allowing us to see the complexity of its irregular form, as well as its alien character, oscillating between light and shadow. It looks like a precious gem, charged with an aura of great rarity. Its beauty consists precisely of the fact that it never looks the same, but alters its appearance again and again. The strong light contends with the shadows in the same way that existence competes with the void, and it increases as the layers of transparent packing tape thicken or pile up. Asked what these pieces were ultimately about, Li shares something more. Fascinated by the effects and characteristics of some tape sticking to a window, he observed how its color changed with every added layer. This effect also reminded him of looking at the surface of a lake with an uneven bed, which also involved a fantastic experience of watching the water change colors. Moreover, he was fascinated by the leap from quantity to quality, and the accompanying question of how it is possible, in this kind of a view, for a very ordinary stone to suddenly transform into something entirely different. Here, too, the existence of a small pebble is similar to his own human life: namely, it is very common and in no way extraordinary. It is only by making a leap that it can reach a new phase. Li’s idea to use transparent packing tape to make his picture can be traced back to these kinds of ordinary, everyday observations. According to Li, it is not the material quality of the tape, but its transparency that he is interested in using, because it is this characteristic that makes it seem closer to water and air. As if trying to sum it all up in a visual theory, he finally talks about sunlight, which has to overcome and penetrate several layers of atmosphere before it reaches our eyes. Obviously, even the speed of light can run into delays. Even if it is not immediately obvious, the listener later speculates that these images are based on very specific memories. When he was younger, Li was teaching two friends how to swim; he held tight to their shoulders, but the strong current of the river tore the three of them apart, and Li could not keep his head above water. After fighting to survive, he finally gave in to the strength of the water. As he was drowning, he felt something he had never experienced before: an ineffable, magical sense of calm. But then many strange hands pulled him out from the center of this calm and dragged him up onto the riverbank, saving his life. This, however, did not make him feel as if he had been rescued from the pit of despair, but rather, it felt like an unwelcome act of violence. Clearly, there was something pleasantly enchanting about the encounter with eternity. This sense of well-being, which correlates with the unio mystica, probably cannot be achieved through tons of words, but perhaps it might be done with unusual images, which repeat the unique feeling of this lost sensation. After all, they do convey something of the unbearable lightness of floating in unlimited space. Even though Li tends to hesitate when talking about things that have happened in his life, these stories seem to have left a considerable mark on his art. Right at the beginning of our conversational marathon in Lucerne, he drew the listener’s attention — probably not by accident — by relating two events from his childhood. Once, he went shopping with his father, a former farmer, who dealt in all kinds of things, including wood. On the way, the boy wanted to sit down on a wooden stool, but his father forbade him to touch it at all; later, at home, he told him that the wood came from coffins. In the province where Li grew up, there is a widespread superstition that the negative energy from objects belonging to the dead will be transferred to anyone who touches such items. Doubting the truth of his father’s assertion, Li added that, for him, death itself is less frightening than the unknown, which comes after it, and whatever is at the root of the unknown. He is also afraid of the clothing left behind by the dead, because it manifests the presence of the unknown spirit. Shortly after arriving in Beijing, the unbelieving son took the notion of clothing as a trace of something and used it as a theme in one of his works. As a stranger in the city, far away from the home where he had been familiar with everything since childhood, he felt as if he were being confronted with an impenetrable juggernaut, and had nothing to hold onto at all. In order to familiarize himself with his new surroundings, he selected three sites, which he decided to identify in his own way. He spent an entire day on the campus of the Central Academy of Fine Arts, another day in an arts district called 798, and finally, a third day in Chaoyang Park. In these places, he collected refuse discarded by other people, and thus, he not only learned something about the areas he was exploring, but he also distinguished each site by its garbage. Using the refuse he had collected, he made three large hooded jackets and coats for himself. This act of collecting refuse — which, the artist says, symbolizes these places — and then inscribing it on his own body, so to speak, could be interpreted as Li’s way of appropriating an unfamiliar area. It is a way of assimilating the city through three representative sites. Since, ultimately, he is not really going to wear the garments, photographs of the pieces become the actual work. Li’s work Fleeting Time also clearly shows us how strongly the artist reacts to the external. As conceptual as the work seems at first, the references are nonetheless very specific. What do we see? Canvases that have been washed clean with water, but that still display diffuse traces of paint, and next to each of them a small plastic bag containing bits of dried paint and a small photograph of the painting that was on the canvas before it was erased — a man with a serious expression, and three keys in front of him on a table, for example. He is unsure which of the three keys to life he ought to choose, because he cannot predict what the consequences of his decision will be. Besides the constraints imposed by the new materialism, the painter is also addressing the growing complexity arising from the changes in society. All in all, these pictures are about the symbolic legibility of life today in China. However, because their effect was not as intense as he had hoped for, the artist erased it all again, after having first documented the finished paintings in photographs. By washing the paint off with water, Li seems to express a notion about the passage of time. Asked why, he replies by recalling the death of his grandfather on his mother’s side. It was not until the grandfather was no longer there that Li first realized how important, how close, he had been to him. Things that are absent mobilize much stronger emotions than things that are present. Additionally, they intensify the perception of loss. Therefore, he decided to wash away the images, so that traces of them would remain as references. From here, it is possible to follow a thematic line to a photograph of a tree, in whose fork sawed-off branches have been stacked up to form a wall. They link things that have drifted apart over time. Here, too, Li sees an image from his life. He imagines himself and his brother growing up together, until they finally went their separate ways. The gap left by the separation can be bridged. This is the artist’s way of thinking, which is clearly different from the western way. To him, everything is a matter of relationships and standards, which are constantly shifting. And this is why he created square paintings made of tape measures. Translator: Allison Plath-Moseley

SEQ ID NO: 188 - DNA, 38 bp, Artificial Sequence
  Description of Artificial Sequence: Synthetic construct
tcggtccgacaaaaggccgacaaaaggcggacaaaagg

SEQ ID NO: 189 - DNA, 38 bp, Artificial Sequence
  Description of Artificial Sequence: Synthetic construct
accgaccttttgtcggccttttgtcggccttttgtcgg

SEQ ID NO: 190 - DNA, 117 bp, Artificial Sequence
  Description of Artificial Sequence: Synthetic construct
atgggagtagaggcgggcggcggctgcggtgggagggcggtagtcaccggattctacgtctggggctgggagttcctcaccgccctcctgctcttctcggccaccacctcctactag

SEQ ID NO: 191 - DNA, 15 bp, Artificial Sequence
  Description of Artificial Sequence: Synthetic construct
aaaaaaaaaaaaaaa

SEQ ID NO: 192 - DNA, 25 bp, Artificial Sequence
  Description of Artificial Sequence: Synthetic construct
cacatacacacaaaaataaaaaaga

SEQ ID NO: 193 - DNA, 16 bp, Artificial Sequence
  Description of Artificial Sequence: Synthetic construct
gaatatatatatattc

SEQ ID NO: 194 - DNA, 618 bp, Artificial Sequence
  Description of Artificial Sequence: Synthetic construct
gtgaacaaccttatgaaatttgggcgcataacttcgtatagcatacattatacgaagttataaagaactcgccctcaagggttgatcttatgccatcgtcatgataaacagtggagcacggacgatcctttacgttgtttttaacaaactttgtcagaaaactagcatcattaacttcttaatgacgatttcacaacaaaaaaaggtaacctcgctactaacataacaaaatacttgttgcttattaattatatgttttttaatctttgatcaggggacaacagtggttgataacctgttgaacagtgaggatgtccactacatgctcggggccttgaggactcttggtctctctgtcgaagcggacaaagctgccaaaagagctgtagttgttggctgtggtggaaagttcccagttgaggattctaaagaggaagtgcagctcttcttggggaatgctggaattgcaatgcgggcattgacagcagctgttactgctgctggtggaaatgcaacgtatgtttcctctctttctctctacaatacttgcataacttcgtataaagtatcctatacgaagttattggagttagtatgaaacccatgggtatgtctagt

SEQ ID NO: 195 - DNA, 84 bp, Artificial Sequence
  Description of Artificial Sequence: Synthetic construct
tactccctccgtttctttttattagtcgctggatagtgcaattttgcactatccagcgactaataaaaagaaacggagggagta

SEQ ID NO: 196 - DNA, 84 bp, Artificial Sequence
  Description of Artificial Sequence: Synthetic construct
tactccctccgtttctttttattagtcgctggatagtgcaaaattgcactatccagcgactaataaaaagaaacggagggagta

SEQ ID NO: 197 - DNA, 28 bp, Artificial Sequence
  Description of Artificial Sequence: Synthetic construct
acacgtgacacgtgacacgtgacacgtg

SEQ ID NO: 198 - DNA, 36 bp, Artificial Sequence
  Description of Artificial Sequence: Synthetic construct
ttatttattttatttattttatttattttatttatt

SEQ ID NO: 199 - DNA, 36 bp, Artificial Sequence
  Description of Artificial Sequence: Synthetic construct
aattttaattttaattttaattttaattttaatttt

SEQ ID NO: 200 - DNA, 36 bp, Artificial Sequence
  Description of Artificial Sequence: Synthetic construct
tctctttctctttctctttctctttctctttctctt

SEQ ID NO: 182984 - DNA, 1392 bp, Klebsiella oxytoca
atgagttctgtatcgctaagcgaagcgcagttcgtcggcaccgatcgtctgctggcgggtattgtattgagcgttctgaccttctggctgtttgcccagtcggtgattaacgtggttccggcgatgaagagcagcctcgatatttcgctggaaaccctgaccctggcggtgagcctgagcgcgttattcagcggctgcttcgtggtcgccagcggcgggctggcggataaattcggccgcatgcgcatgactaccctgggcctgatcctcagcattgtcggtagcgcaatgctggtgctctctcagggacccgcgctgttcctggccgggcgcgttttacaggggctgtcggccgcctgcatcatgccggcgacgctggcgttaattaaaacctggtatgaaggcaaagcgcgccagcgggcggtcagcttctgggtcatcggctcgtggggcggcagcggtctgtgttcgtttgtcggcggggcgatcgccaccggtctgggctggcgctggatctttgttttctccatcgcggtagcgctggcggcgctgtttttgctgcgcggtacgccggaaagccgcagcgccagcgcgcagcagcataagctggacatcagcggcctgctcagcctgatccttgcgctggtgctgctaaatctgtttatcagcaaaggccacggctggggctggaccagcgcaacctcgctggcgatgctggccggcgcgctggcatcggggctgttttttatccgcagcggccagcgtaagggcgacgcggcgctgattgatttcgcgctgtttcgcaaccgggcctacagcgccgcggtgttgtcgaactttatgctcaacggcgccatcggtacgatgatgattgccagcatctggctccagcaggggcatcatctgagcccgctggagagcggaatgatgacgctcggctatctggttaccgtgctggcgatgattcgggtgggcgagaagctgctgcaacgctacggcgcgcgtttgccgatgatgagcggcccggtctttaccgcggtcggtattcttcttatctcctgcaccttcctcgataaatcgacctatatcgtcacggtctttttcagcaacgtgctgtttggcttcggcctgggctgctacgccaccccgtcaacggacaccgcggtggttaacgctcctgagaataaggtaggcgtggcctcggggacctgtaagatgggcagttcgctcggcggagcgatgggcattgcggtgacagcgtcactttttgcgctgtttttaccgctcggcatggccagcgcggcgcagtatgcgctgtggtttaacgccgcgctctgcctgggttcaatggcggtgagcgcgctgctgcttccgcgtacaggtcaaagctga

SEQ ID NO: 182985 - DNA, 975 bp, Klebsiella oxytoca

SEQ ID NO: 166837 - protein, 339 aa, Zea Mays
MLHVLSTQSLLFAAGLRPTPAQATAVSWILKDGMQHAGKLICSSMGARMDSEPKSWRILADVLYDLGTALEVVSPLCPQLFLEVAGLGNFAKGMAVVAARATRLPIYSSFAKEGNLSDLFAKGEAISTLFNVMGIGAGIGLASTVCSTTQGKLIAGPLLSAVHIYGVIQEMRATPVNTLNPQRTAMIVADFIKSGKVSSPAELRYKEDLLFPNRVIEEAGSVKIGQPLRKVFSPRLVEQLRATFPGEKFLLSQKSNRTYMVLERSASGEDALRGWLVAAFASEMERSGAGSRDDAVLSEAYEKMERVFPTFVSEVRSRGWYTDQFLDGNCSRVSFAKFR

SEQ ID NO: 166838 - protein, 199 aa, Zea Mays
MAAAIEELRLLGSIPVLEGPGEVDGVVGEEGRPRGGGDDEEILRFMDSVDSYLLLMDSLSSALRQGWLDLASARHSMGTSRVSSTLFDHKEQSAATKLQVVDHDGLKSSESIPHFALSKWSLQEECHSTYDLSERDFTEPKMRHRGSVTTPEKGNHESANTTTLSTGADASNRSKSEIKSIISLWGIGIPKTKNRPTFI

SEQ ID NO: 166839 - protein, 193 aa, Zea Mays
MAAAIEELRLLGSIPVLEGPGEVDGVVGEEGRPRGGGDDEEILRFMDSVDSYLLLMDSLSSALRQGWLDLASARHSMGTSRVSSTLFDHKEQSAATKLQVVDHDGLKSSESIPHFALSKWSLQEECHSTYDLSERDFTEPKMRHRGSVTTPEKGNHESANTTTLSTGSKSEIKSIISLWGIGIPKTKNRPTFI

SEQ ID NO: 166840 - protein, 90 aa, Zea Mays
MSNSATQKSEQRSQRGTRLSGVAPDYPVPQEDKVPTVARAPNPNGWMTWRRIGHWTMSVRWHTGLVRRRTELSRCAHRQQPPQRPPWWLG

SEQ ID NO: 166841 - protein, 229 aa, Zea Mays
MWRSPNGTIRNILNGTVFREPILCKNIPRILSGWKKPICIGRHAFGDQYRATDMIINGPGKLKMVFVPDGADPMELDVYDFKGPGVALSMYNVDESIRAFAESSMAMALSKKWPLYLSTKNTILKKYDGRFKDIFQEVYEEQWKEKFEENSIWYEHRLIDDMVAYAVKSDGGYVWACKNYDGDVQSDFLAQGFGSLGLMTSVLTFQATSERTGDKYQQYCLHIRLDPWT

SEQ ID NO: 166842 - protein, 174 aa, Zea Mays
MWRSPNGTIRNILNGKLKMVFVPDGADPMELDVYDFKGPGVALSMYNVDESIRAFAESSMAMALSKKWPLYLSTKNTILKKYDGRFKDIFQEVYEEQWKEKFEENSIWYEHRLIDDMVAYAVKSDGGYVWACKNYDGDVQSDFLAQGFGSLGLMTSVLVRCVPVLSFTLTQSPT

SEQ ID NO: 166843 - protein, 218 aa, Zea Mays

10